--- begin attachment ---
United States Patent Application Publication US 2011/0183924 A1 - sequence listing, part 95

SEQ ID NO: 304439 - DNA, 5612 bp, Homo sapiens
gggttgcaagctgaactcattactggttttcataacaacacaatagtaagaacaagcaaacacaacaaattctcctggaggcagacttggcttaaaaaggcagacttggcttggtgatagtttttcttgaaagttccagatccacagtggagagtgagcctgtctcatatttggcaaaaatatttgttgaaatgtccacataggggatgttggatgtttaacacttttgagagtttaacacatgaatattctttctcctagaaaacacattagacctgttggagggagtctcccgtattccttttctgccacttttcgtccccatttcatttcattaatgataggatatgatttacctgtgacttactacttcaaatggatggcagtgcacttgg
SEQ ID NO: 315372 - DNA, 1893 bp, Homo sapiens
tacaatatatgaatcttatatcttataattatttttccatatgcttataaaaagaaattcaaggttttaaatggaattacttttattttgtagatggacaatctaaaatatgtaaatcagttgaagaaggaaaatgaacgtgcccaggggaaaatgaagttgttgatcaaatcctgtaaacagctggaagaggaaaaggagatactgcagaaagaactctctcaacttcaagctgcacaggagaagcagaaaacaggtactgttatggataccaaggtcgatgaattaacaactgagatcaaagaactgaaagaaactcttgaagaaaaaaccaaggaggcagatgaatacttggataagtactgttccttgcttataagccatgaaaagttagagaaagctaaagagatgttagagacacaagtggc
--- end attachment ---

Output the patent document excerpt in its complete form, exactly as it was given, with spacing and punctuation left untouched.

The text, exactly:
United States Patent Application Publication US 2011/0183924 A1 - sequence listing, part 95

SEQ ID NO: 304439 - DNA, 5612 bp, Homo sapiens
gggttgcaagctgaactcattactggttttcataacaacacaatagtaagaacaagcaaacacaacaaattctcctggaggcagacttggcttaaaaaggcagacttggcttggtgatagtttttcttgaaagttccagatccacagtggagagtgagcctgtctcatatttggcaaaaatatttgttgaaatgtccacataggggatgttggatgtttaacacttttgagagtttaacacatgaatattctttctcctagaaaacacattagacctgttggagggagtctcccgtattccttttctgccacttttcgtccccatttcatttcattaatgataggatatgatttacctgtgacttactacttcaaatggatggcagtgcacttgg
SEQ ID NO: 315372 - DNA, 1893 bp, Homo sapiens
tacaatatatgaatcttatatcttataattatttttccatatgcttataaaaagaaattcaaggttttaaatggaattacttttattttgtagatggacaatctaaaatatgtaaatcagttgaagaaggaaaatgaacgtgcccaggggaaaatgaagttgttgatcaaatcctgtaaacagctggaagaggaaaaggagatactgcagaaagaactctctcaacttcaagctgcacaggagaagcagaaaacaggtactgttatggataccaaggtcgatgaattaacaactgagatcaaagaactgaaagaaactcttgaagaaaaaaccaaggaggcagatgaatacttggataagtactgttccttgcttataagccatgaaaagttagagaaagctaaagagatgttagagacacaagtggc